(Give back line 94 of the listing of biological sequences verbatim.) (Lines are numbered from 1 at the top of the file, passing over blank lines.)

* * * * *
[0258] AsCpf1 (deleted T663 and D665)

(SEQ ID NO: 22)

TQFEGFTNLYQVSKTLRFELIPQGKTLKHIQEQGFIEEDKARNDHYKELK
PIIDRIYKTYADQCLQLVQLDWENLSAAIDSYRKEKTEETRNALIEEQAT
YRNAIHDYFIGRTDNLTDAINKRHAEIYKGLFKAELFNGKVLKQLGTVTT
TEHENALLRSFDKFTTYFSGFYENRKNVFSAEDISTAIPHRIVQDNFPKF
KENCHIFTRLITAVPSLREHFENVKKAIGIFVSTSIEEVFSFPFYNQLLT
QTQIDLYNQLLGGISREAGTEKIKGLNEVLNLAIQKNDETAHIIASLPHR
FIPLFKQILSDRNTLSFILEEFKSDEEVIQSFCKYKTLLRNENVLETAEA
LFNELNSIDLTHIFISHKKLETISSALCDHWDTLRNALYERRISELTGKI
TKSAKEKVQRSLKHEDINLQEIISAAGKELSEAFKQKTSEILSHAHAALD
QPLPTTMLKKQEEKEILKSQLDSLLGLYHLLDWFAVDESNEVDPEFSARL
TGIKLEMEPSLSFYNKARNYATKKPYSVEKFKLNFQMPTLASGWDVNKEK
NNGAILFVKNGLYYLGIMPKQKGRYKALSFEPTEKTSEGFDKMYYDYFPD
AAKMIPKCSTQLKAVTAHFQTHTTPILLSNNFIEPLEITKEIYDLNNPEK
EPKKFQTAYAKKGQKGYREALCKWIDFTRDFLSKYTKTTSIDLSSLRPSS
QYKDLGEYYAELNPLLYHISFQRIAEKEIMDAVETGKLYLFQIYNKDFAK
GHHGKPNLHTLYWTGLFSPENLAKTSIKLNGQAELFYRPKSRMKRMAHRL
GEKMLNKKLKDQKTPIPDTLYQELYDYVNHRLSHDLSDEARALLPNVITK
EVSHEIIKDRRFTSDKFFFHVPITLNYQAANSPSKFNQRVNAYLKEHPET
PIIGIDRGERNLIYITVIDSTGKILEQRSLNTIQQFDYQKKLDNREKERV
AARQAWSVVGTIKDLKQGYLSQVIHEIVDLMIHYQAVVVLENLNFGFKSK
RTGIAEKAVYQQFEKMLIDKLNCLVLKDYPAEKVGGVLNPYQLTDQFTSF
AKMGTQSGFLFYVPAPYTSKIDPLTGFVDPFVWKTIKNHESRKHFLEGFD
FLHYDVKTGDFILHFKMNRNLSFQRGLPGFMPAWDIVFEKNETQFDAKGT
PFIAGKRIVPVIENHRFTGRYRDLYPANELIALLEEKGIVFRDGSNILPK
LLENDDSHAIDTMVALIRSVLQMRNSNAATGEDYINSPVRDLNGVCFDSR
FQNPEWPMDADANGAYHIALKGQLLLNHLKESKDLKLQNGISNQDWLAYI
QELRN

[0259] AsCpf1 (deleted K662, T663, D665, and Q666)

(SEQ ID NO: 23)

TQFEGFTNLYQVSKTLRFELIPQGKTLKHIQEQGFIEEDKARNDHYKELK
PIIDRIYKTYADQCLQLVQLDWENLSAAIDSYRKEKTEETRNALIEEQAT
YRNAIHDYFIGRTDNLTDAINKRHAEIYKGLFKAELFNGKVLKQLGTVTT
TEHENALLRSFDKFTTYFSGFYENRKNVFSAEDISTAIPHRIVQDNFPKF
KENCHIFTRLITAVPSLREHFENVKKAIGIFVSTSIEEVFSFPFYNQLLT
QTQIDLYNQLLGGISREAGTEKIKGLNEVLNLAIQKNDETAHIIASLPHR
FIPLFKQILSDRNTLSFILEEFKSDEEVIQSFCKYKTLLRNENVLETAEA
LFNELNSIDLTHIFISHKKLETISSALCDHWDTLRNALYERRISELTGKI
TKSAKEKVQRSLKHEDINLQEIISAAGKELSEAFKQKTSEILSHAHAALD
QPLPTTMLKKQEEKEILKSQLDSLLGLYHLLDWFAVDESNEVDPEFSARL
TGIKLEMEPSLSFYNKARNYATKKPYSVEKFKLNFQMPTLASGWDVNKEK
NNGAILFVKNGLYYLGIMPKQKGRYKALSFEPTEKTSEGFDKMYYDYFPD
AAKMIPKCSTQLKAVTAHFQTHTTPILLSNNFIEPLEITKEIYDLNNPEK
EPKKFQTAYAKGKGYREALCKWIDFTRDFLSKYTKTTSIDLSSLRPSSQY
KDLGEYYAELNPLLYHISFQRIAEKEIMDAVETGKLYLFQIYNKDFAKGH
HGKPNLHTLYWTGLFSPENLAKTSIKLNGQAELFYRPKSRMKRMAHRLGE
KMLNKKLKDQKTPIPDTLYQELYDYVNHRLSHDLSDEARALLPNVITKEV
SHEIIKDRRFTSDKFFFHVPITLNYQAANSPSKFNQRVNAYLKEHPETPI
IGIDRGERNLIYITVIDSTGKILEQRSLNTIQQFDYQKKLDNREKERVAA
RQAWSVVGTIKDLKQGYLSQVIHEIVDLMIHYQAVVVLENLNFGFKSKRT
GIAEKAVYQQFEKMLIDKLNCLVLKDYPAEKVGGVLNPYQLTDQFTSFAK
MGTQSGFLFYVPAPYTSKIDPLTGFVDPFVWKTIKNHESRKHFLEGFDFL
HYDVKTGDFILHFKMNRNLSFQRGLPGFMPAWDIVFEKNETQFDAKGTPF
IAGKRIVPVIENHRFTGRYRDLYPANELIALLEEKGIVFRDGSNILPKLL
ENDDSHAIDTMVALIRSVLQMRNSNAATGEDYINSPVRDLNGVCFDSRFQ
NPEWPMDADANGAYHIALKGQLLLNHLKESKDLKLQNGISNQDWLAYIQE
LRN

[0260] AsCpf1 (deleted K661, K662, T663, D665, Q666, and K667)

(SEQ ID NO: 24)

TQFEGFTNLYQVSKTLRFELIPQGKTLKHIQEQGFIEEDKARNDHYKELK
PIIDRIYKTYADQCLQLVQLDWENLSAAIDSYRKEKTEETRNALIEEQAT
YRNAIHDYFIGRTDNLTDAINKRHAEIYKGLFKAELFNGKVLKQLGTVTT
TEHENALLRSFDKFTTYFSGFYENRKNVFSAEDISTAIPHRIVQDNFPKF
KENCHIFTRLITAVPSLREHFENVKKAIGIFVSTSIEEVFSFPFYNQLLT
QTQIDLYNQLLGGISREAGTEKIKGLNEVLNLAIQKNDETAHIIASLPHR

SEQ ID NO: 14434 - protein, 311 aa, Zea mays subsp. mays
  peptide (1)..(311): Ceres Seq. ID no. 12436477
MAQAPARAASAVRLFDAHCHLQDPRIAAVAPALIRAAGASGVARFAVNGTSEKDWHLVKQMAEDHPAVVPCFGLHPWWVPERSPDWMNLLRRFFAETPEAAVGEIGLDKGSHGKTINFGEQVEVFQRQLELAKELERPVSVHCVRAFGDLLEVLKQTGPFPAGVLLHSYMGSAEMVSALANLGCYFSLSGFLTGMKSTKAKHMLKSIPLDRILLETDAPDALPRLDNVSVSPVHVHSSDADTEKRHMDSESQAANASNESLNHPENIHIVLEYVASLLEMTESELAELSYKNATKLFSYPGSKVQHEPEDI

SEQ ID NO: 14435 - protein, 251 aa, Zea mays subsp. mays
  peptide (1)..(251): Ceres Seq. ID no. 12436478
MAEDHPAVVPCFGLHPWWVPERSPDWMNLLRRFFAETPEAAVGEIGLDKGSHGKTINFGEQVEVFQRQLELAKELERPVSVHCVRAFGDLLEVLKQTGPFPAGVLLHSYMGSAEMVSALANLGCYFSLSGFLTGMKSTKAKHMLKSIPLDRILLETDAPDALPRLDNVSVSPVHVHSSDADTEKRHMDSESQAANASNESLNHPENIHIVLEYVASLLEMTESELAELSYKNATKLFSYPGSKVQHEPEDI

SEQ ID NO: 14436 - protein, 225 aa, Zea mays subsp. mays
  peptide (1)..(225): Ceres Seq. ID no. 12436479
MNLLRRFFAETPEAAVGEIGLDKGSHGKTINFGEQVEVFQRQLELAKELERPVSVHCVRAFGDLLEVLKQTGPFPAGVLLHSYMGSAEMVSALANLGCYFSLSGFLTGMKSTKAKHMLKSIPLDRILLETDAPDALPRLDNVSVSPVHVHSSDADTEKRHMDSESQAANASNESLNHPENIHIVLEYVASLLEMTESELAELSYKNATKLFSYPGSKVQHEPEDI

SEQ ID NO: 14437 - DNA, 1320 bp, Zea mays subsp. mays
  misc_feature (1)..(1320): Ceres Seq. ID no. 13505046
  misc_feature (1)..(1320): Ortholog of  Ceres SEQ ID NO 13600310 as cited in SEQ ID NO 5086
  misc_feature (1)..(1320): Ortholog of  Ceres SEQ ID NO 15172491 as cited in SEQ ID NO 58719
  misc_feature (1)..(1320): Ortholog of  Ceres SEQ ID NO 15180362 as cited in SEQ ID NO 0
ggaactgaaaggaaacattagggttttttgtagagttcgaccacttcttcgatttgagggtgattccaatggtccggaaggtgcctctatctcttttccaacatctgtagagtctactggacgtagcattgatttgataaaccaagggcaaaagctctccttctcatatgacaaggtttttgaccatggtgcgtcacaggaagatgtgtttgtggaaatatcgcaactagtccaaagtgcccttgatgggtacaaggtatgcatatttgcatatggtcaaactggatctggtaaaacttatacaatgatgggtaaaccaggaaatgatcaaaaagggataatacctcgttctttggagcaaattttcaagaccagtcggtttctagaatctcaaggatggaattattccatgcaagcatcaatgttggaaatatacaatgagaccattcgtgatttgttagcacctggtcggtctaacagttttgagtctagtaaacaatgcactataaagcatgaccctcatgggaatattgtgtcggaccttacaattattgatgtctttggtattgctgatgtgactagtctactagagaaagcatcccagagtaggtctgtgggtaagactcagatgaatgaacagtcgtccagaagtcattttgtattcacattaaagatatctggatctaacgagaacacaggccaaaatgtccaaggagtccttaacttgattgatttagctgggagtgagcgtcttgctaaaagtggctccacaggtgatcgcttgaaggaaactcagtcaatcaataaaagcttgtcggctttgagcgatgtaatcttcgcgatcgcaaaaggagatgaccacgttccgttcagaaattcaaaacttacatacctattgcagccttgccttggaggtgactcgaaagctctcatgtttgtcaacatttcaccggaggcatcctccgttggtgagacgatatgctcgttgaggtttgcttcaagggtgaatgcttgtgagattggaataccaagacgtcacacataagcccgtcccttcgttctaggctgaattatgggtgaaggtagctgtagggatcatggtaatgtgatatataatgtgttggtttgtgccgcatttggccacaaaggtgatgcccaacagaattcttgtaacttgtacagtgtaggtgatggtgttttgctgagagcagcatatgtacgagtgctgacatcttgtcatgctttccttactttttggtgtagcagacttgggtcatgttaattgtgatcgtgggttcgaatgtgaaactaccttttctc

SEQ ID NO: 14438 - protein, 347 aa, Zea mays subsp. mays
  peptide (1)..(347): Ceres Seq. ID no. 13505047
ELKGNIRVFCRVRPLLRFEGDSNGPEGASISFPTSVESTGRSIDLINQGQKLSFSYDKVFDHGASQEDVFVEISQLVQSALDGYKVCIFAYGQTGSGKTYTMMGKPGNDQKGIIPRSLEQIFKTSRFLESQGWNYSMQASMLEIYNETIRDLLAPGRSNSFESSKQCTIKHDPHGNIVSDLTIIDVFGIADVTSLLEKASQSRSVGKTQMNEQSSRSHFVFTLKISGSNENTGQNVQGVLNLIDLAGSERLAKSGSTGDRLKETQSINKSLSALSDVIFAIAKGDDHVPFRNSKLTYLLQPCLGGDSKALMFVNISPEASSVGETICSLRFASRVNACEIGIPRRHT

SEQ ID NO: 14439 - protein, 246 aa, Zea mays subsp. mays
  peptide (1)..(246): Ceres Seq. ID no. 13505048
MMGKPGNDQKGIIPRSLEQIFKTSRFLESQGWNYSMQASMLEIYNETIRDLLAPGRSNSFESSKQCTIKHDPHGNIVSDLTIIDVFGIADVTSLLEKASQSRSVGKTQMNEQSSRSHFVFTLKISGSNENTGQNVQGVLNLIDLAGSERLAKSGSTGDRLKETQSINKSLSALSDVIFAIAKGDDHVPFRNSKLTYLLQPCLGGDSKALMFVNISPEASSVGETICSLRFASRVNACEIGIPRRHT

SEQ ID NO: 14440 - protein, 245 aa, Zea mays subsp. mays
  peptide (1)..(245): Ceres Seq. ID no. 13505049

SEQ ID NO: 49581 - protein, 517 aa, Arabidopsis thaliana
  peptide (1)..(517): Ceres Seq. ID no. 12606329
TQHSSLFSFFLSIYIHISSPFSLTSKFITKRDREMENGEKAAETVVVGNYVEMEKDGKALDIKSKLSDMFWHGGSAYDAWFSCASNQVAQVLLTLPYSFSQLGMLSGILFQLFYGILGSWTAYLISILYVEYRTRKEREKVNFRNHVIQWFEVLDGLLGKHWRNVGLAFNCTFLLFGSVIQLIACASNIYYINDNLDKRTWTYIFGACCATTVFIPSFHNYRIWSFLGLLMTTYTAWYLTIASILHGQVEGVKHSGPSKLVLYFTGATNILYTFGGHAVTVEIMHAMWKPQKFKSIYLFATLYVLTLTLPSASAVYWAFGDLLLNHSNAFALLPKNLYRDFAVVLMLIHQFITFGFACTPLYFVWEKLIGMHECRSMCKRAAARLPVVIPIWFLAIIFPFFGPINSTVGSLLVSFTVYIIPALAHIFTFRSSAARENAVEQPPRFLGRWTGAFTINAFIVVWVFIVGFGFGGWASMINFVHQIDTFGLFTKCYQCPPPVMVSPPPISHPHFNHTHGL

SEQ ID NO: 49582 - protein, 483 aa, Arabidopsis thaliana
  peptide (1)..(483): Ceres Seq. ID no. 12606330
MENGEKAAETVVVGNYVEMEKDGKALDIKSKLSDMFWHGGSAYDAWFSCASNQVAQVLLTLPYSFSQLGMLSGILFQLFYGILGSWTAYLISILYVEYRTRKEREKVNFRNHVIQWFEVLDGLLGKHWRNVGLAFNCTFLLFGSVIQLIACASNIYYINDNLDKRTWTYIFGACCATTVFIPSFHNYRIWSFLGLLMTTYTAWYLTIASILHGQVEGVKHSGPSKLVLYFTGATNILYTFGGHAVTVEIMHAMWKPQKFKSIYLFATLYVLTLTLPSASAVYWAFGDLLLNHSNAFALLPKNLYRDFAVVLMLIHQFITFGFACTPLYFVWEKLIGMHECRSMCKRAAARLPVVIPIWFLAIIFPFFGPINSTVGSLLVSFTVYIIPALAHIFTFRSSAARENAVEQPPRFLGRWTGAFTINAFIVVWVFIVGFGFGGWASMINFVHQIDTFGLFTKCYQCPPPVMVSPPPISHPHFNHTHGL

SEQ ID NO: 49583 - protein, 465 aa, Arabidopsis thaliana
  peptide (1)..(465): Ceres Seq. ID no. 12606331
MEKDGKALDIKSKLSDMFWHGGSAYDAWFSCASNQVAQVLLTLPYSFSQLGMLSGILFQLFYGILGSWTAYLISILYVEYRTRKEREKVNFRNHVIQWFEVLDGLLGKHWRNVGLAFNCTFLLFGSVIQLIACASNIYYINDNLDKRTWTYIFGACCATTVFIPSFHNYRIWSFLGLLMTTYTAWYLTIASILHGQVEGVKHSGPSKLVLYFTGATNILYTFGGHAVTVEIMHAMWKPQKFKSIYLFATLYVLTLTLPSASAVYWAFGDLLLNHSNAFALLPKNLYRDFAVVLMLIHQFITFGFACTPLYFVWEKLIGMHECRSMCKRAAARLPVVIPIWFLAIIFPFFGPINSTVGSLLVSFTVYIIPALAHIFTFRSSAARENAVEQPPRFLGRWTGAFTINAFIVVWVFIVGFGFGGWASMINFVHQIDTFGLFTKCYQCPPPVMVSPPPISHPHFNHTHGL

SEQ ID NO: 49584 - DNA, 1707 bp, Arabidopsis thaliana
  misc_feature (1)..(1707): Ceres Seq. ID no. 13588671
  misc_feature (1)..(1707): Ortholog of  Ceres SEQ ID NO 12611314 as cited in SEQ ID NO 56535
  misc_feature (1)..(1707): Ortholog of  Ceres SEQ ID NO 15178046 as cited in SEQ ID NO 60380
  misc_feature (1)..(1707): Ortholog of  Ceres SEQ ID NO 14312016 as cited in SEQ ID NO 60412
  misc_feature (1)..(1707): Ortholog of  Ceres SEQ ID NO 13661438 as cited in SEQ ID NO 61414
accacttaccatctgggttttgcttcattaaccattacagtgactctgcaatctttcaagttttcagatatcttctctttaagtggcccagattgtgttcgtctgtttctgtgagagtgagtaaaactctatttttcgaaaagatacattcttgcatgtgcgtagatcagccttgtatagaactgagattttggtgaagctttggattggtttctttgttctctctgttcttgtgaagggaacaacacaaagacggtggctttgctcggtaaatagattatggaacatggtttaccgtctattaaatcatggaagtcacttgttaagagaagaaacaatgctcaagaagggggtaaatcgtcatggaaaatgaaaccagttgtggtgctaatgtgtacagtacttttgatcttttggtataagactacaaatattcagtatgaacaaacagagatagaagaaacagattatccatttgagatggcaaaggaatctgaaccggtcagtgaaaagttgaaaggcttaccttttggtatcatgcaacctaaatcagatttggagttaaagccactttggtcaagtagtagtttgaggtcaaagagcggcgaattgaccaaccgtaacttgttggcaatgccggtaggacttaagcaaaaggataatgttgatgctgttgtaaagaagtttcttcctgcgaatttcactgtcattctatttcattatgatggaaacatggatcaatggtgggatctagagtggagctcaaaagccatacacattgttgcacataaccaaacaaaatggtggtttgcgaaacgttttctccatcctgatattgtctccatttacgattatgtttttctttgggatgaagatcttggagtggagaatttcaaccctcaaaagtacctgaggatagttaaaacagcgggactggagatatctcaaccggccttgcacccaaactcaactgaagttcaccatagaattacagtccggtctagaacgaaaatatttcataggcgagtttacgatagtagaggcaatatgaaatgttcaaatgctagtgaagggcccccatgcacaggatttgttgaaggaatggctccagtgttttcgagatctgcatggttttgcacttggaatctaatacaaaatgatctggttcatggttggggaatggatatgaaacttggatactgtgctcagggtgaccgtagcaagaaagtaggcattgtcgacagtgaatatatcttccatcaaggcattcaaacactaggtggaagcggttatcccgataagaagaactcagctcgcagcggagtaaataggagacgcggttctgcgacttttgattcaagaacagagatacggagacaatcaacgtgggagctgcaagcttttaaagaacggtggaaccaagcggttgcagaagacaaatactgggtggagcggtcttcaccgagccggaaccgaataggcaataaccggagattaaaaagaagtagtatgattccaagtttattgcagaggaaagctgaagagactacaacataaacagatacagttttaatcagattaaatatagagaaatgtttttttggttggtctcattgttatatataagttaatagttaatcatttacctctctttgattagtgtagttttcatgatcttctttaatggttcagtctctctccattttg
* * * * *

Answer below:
  peptide (1)..(483): Ceres Seq. ID no. 12606330